National Truth & Reconciliation Day or, Orange Shirt Day, as it is more commonly referred to, is slowly starting to become a part of the national consciousness and that has to be a good thing on many levels. Sadly, it took the discovery of children's graves on the grounds of residential schools to finally give us a collective wake-up call but it worked. Through the story of a little 6 year old girl, who had her new orange shirt stripped off and taken away on her first day at the Mission school, we now have a recognizable symbol for the movement that is now engaged in a wide range of initiatives seeking redress for past wrongs.
And it's about time, because ignoring the abusive and discriminatory treatment of First Nations people is turning out to be a very expensive head-in-the-sand approach. The horrific, well documented, and ongoing saga of the residential school abuses has at long last wound its way through the legal system and survivors have been collectively awarded $3 billion in compensation. A further $23 billion was later awarded to First Nations for the discriminatory underfunding of Child and Family Services programs and to implement the Jordon's Principle, a child-first, needs-based policy to provide access to all government funded services to all First Nations children whether they live on or off a reserve.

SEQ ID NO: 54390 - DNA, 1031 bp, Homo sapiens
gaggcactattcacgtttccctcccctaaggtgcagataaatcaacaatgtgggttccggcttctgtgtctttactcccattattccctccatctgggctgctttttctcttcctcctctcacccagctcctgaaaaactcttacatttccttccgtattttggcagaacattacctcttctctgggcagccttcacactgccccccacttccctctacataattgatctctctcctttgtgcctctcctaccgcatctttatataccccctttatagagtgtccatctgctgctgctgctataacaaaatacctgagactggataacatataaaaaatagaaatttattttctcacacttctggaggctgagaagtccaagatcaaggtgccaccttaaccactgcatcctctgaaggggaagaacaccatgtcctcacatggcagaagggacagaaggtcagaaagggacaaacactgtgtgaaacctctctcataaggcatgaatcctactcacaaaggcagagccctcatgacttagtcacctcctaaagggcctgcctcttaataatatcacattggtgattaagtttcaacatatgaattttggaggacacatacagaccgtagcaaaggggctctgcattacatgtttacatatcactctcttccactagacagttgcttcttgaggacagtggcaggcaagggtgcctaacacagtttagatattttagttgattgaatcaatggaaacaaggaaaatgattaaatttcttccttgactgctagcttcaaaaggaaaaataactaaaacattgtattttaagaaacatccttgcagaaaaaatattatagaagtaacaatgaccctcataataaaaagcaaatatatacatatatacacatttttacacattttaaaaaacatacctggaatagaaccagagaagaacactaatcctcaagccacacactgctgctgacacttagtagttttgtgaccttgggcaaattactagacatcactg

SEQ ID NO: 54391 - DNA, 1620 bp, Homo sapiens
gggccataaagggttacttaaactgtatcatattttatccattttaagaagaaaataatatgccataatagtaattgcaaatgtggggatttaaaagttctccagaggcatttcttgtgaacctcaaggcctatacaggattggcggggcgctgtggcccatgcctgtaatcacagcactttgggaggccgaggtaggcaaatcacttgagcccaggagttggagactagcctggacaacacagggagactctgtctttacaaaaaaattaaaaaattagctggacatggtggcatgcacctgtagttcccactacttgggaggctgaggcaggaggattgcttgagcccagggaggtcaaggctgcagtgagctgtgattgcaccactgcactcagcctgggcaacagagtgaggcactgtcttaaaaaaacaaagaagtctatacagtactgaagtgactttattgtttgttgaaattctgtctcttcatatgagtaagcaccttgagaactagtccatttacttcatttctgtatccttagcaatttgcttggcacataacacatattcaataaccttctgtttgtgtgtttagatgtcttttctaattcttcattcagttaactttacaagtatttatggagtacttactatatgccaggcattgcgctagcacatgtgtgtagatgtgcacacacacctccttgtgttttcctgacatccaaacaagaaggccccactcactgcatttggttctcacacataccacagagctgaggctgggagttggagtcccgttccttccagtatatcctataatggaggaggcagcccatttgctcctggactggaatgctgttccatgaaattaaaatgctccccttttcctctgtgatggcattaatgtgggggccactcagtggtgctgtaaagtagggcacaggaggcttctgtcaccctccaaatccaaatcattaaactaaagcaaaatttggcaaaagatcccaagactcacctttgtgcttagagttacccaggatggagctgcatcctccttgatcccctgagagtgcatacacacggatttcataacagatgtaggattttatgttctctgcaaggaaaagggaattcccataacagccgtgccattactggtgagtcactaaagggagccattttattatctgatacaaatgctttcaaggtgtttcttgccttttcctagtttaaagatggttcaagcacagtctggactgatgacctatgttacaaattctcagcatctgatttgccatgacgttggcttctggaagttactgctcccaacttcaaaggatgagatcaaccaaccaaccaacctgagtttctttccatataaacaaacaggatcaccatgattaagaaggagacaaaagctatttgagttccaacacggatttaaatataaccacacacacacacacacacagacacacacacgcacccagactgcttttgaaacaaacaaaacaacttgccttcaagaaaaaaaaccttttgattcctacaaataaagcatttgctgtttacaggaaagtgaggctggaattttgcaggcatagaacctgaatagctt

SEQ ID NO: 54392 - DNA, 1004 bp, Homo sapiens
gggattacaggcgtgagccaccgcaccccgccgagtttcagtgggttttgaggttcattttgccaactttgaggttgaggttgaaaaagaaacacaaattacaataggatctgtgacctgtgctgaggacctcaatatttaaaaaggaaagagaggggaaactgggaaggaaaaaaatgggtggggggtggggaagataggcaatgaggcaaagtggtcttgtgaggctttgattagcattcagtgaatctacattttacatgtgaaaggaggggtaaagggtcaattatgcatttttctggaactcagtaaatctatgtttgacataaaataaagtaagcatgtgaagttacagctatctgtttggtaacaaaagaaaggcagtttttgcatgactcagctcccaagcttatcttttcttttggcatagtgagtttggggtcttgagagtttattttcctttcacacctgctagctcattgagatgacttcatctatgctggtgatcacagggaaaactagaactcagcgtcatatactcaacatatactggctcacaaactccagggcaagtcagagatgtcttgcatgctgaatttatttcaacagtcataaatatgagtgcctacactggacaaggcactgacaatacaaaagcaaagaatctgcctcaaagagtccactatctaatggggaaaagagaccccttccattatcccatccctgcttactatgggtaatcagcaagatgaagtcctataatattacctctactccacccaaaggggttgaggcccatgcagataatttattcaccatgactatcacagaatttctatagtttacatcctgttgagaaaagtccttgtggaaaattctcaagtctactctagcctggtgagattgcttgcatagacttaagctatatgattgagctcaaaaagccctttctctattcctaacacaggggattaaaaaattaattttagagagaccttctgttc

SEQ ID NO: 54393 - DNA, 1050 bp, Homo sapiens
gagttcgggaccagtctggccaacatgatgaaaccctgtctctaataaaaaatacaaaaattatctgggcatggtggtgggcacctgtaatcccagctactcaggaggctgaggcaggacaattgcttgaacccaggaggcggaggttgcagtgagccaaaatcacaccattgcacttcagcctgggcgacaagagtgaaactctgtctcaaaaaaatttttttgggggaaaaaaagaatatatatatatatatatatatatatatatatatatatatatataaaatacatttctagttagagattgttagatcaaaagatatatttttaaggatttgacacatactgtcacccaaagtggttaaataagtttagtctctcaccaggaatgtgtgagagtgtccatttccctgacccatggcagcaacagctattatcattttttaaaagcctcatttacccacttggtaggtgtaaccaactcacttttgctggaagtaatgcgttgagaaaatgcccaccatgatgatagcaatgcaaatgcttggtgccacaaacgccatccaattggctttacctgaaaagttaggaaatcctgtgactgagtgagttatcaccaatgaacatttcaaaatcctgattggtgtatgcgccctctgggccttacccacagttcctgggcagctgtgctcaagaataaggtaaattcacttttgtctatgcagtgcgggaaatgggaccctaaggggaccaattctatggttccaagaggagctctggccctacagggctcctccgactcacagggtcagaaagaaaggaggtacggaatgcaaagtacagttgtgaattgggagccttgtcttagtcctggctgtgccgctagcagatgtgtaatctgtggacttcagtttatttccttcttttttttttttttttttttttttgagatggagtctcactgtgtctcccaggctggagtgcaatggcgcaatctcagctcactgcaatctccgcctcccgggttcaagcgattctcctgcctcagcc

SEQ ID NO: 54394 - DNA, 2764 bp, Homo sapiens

In the 1870's, when the so-called numbered treaties 1-7 were being signed to provide land for settlers on the prairies, reserves were also set up for the First Nations people, along with the provision for seeds, some tools, and supplies in the event of crop failure. The reserves were to enable them to make the transfer to an agricultural way of life now that the bison had been wiped out and, in the beginning, many of the First Nation farmers were quite successful. However, their success soon led to settler animosity and, in 1889, the government introduced the Peasant Farm Policy which restricted the types of tools First Nations could use, how much they could grow, and what they were allowed to sell. Farms were reduced to 40 acres, machinery was forbidden, and all planting and harvesting had to be done by hand. These policies soon put most of the First Nations farmers out of business and their reserve farmlands were then sold by the government to new settlers because the government claimed they weren't using the land properly.
As much as 20% of First Nations reserves were illegally sold off by the government between 1896-1911 and this continued up until the 1930's. To make matters worse the money collected by the government on the land sales wasn't always turned over to the band it belonged to. However, in recent years lawsuits were filed against the government to contest the illegal surrender of reserve land and, more than $3.5 billion has since been awarded to 56 claimants. This past August the Muscowpetung Saulteaux Nation alone was awarded $150 million, the maximum allowable.